Life is filled with light. The 2017 Nobel Prize in Physiology or Medicine was awarded for the discovery of molecular mechanisms that control circadian rhythms. Using fruit flies as a model organism, the scientists identified a gene that controls a protein which regulates the circadian rhythm. An external physical clock changes with day and night, while an internal biological clock (also called a “body clock”) adapts our physiology to phases of the day, and that is known as the circadian rhythm.
How do circadian rhythms affect mechanisms inside a human body?
The suprachiasmatic nucleus (SCN) in the brain takes external cues from light and body messages to coordinate the autonomic nervous system that modulates secretion of melatonin and adrenal corticosteroids. The two hormones mark our bodies’ internal rhythms by regulating the biological clock and many functions of the body.
The light in our surroundings is likely to stimulate the SCN and affect the physiological cycles of human bodies, causing phase shift. As shown in Figure 1, a stimulus, in this case light coming into the eyes, during dusk and night will have a delaying effect on the circadian rhythm. Consequently, this causes us to sleep later at night and wake up later, which in turn affects the time we go to school or the workplace. In clinical practice, light therapy is applied to treat night-shift workers’ sleep disorders. Before bedtime, the pineal gland in the brain releases appropriate amounts of melatonin to remind us that it is time to go to bed. This is how light affects the circadian rhythm. Good lighting can considerably help the synchronization of the circadian rhythm, benefit sleep quality, and improve cognitive function.
Figure 1: Circadian rhythm and the phase shift effect (Source:wikipedia)
Choose White or Warm, the right light for you is the best one!
In daily life, we are most often exposed to blue white light and warm light. It is the colour temperature that sets them apart! The colour temperature is the temperature of a black-body radiator that emits light of different colours, from red to orange to yellow to blue, when heated at different temperatures. The lower the colour temperature is, the yellower/warmer the colour becomes; when the colour temperature increases, the colour shifts from white to blue. Lighting colours will affect the secretion of melatonin. Compared to warm light, white light contains more of the blue spectrum. In white light, we stay more alert, as it inhibits secretion of melatonin. On the other hand, warm light has little effect on the secretion of melatonin. That’s why we feel more relaxed in warm light. We should choose proper lighting to suit individual working requirements. At work, white light of a high colour temperature helps you stay focused, while warm light of a low colour temperature (<3000K) is better when you need some relaxed reading time, as it rarely affects the secretion of melatonin, allowing you to relax and decrease your alertness before going to bed in order to have quality sleep and get ready for the next wonderful morning.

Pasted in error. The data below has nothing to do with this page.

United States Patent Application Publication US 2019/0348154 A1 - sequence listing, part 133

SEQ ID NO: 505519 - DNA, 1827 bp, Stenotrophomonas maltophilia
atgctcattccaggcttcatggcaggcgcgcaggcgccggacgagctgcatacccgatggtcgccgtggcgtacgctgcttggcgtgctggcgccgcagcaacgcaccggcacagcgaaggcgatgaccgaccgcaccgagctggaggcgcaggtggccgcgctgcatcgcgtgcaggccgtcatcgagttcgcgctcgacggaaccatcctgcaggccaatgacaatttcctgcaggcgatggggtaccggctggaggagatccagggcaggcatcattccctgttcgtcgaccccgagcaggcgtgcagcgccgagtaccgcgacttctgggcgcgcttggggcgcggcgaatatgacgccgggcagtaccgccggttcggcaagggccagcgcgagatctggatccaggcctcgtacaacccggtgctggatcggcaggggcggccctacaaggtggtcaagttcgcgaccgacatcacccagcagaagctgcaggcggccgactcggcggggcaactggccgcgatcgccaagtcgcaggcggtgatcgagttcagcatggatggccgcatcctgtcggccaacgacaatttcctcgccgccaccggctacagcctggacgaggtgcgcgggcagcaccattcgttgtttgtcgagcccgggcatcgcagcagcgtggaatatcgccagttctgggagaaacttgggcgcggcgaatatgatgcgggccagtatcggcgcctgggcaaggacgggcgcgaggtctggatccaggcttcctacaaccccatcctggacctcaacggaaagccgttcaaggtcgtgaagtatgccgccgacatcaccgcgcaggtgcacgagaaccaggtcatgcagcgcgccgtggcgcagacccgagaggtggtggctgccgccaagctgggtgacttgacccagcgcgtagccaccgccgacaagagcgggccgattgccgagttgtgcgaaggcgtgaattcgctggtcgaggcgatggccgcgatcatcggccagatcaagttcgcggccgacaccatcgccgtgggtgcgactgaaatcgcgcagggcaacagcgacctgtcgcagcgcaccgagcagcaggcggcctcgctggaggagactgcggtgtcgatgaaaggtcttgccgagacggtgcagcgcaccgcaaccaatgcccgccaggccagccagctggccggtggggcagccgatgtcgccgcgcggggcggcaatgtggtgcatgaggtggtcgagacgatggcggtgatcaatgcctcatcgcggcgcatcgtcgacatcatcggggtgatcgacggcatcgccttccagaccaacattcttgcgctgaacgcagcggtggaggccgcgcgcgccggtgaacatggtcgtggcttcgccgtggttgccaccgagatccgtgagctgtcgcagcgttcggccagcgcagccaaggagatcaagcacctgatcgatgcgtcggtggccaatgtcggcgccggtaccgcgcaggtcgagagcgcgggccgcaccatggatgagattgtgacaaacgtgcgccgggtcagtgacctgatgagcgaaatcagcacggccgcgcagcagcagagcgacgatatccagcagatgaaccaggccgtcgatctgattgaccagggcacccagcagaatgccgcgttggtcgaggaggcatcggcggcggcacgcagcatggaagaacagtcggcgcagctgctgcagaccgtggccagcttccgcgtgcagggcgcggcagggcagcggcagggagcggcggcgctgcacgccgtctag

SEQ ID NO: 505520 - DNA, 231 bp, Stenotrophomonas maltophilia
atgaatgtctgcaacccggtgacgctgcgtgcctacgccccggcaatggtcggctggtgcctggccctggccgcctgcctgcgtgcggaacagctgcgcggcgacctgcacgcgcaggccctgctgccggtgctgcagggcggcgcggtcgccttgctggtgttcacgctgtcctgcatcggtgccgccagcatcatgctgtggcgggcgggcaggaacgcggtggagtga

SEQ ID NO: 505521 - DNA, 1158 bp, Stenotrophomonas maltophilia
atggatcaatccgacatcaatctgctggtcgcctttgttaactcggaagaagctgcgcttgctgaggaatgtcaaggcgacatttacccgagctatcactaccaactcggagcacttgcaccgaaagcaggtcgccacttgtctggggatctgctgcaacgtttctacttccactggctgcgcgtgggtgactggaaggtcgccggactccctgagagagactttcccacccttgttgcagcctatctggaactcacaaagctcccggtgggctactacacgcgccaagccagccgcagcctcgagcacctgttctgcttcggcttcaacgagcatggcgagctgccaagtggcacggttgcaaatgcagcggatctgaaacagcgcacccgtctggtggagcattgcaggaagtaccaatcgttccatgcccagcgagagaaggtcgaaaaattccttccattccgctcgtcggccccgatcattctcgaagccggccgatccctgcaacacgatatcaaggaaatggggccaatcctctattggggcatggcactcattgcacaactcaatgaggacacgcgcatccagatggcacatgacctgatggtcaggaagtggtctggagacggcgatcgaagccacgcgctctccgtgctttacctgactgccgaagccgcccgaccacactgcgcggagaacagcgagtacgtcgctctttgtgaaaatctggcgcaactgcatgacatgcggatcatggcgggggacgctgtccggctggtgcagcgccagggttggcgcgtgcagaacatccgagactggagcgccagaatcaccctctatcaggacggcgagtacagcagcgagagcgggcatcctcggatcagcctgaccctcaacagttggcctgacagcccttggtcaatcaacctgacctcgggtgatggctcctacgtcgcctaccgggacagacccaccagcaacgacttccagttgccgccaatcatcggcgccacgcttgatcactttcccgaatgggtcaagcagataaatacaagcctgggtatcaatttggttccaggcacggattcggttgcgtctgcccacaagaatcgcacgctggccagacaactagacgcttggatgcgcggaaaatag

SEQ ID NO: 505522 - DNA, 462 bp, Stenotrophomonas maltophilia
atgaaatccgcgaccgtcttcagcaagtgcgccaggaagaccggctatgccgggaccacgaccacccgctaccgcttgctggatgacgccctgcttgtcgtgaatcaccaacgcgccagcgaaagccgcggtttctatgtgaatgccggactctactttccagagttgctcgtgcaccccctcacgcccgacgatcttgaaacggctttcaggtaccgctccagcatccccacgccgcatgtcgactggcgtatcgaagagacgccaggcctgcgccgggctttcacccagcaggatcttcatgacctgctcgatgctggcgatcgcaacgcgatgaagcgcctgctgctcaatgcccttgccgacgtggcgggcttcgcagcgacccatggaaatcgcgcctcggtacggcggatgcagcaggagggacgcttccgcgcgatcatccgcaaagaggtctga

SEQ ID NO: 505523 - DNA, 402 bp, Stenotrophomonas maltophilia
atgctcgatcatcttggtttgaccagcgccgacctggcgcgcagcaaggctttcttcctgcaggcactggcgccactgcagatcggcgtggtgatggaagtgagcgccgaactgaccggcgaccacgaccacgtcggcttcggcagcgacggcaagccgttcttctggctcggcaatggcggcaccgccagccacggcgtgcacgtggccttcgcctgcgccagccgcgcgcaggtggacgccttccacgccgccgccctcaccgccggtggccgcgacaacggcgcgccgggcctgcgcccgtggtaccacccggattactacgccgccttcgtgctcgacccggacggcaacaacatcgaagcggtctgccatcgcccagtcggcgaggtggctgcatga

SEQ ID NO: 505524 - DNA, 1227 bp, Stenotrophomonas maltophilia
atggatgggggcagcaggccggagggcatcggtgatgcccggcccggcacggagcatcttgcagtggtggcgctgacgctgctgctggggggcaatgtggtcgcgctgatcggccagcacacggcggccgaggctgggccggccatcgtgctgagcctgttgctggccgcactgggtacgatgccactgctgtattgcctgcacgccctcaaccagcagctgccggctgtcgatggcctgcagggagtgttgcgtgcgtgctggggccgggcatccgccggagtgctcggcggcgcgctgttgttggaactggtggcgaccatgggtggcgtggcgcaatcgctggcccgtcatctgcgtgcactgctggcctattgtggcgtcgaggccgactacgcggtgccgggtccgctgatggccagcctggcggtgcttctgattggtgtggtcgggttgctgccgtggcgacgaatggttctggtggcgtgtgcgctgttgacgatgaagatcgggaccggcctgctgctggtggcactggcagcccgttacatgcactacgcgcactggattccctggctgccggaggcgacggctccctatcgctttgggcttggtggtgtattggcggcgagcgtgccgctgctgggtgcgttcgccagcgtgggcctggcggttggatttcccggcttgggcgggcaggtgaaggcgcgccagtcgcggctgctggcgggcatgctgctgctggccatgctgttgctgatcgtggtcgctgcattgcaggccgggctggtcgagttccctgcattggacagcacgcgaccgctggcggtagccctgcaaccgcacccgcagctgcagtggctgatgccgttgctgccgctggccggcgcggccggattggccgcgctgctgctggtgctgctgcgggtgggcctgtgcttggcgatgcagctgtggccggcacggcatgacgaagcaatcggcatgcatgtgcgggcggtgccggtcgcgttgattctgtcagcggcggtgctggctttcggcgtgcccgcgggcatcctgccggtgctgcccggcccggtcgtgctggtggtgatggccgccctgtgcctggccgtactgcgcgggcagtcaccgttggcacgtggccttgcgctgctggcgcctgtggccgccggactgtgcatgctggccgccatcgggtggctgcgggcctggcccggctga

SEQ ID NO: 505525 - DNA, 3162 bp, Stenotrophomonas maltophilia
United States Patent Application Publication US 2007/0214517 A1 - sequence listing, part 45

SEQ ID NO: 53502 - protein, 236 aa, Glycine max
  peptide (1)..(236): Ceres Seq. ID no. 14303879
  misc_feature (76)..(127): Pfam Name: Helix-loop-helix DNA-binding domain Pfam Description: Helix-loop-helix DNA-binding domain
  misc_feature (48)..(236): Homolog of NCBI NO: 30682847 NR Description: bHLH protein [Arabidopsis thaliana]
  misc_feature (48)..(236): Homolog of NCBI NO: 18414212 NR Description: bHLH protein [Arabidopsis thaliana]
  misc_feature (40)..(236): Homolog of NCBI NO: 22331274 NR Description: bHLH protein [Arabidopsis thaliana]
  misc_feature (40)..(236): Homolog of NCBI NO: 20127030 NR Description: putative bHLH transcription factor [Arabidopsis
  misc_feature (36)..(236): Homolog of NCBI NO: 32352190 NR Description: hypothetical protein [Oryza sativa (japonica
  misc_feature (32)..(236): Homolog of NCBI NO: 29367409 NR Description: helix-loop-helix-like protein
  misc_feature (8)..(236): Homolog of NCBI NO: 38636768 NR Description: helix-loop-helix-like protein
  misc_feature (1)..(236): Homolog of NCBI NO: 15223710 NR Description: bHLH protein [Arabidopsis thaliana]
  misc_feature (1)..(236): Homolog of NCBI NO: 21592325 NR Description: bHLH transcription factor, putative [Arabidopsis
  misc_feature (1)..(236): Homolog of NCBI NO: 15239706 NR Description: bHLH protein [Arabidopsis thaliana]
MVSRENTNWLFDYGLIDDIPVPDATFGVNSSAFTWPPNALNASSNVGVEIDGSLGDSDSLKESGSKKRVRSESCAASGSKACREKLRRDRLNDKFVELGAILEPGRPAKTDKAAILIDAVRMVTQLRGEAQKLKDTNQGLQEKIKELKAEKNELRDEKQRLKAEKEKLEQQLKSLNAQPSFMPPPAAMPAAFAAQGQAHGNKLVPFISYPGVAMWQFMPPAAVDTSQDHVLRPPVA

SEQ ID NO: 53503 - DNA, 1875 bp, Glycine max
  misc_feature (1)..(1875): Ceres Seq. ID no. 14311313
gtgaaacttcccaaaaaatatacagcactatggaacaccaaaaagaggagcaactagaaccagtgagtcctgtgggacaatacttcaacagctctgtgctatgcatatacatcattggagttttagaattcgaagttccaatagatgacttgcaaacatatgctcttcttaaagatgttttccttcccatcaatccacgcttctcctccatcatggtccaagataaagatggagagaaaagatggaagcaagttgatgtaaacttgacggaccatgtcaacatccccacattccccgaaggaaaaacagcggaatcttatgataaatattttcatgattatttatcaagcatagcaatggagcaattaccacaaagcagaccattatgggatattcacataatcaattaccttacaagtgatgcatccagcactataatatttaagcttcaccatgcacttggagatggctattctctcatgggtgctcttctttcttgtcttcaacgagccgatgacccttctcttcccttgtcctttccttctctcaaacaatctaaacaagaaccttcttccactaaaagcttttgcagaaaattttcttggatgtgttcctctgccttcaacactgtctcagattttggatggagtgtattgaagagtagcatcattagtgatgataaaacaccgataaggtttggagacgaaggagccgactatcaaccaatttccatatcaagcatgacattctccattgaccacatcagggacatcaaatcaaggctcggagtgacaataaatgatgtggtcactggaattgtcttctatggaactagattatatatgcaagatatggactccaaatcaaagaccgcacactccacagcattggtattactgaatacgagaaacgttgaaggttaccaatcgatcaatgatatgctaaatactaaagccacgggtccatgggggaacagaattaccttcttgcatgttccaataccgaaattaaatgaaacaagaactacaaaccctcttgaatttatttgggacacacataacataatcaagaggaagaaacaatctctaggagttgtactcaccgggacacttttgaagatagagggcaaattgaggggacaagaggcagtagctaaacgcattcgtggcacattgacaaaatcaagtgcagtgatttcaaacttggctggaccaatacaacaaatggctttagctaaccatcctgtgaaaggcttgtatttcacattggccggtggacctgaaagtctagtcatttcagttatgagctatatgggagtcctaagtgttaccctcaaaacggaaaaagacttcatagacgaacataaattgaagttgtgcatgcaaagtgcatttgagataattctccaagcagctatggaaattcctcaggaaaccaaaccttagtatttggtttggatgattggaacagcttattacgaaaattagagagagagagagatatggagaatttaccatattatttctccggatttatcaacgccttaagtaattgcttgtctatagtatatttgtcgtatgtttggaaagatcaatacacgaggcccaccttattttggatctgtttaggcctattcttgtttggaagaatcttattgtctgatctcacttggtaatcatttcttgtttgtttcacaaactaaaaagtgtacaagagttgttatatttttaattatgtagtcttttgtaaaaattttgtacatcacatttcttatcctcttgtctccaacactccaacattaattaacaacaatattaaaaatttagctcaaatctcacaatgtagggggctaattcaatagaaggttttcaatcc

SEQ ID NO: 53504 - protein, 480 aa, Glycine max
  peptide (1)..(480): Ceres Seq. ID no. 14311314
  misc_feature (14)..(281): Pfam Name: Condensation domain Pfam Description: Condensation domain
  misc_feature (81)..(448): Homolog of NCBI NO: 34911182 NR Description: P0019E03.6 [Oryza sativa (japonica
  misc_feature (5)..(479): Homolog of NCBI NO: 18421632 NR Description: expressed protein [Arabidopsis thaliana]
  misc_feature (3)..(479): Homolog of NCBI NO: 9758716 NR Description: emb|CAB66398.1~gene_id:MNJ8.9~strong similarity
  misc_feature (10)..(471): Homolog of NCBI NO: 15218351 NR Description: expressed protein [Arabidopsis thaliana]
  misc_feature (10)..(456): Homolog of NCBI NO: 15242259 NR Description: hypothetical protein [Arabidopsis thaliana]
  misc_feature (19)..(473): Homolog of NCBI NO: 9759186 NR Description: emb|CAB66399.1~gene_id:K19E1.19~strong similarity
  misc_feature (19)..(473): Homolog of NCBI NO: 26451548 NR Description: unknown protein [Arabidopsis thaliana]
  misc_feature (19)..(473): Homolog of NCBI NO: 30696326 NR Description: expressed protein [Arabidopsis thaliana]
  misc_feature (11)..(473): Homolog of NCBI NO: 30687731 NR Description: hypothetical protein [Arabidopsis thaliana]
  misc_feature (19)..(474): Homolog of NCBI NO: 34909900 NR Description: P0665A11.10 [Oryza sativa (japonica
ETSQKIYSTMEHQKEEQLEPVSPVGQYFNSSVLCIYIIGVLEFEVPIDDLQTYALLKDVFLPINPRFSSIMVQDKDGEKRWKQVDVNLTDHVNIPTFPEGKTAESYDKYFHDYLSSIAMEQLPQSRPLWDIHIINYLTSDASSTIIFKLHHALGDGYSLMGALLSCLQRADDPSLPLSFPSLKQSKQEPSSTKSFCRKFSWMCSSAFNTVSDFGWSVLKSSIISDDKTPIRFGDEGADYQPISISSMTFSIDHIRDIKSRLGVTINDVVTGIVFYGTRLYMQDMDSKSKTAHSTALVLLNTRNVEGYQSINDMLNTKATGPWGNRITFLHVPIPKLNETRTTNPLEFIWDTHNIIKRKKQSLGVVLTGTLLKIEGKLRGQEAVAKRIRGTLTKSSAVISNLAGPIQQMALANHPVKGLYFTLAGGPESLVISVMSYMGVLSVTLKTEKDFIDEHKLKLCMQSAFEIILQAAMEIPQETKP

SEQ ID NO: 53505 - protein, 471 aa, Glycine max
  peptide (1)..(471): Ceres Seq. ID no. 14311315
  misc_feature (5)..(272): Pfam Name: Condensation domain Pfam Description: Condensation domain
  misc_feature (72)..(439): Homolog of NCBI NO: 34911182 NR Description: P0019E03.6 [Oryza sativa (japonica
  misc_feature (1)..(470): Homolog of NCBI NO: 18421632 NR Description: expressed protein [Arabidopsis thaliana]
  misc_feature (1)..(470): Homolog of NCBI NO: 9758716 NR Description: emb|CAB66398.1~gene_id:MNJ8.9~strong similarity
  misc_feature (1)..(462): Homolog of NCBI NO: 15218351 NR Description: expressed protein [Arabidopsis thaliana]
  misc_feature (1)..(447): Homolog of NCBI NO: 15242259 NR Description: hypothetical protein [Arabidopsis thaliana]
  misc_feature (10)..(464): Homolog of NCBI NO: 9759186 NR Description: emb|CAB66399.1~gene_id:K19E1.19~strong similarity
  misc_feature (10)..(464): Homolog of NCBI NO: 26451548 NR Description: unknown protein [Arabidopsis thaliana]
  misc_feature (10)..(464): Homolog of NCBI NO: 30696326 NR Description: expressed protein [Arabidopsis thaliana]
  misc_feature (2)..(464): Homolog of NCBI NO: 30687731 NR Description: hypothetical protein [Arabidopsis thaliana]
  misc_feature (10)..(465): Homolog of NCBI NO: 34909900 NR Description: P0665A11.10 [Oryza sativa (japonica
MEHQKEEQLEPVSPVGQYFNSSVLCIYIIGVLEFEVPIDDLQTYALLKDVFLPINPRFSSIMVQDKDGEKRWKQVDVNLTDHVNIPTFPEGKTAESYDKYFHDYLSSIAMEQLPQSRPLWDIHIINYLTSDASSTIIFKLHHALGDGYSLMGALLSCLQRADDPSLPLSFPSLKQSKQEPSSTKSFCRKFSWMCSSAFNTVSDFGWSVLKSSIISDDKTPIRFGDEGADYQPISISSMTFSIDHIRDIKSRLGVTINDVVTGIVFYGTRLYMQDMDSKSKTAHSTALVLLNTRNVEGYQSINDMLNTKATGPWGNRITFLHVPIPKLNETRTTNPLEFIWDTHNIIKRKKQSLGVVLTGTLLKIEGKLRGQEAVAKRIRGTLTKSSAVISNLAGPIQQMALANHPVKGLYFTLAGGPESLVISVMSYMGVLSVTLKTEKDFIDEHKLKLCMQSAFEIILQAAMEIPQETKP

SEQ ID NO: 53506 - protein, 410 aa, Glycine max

The majority of people nowadays spend 90% of their time indoors. Interior lighting has thus become more important for the current generation. Unlike outdoor environments, which present various colour temperatures, indoor environments are often conditioned by a fixed lighting source with a fixed colour temperature. The lighting affects our circadian rhythms, as well as our sleep quality and health.
Figure 2: Effects of white light and warm light on our lives
Suggested in earlier studies, intrinsically photosensitive retinal ganglion cells (or ipRGCs) have a significant effect on the biological clocks in our bodies. Daylight is composed of a higher proportion of blue light, which inhibits melatonin but increases melanopsin. After absorbing light, the protein triggers a chemical reaction in which electrons are transmitted back to cells. The studies indicate that melanopsin-containing ganglion cell photoreceptors help the brain differentiate day from night, which makes people more vigilant during the day. Therefore, if you want to be energetic during the day, perhaps without needing to drink coffee, all you have to do is raise the colour temperature of your lighting. According to the Lighting Research Center at Rensselaer Polytechnic Institute, a change in lighting (namely, adjusting the colour temperature) in a company positively affects employees’ circadian rhythms and sleep quality, and maintains their daily efficiency levels.
The current generation tends to have trouble falling asleep, probably because of the blue light emitted from the screens they watch before bed. To change it into red light, or to use a blue light filter app, will easily improve sleep quality. Adjust your daily routine by improving your circadian rhythm. It may be a bright idea to start by changing the colour temperature of the interior lighting.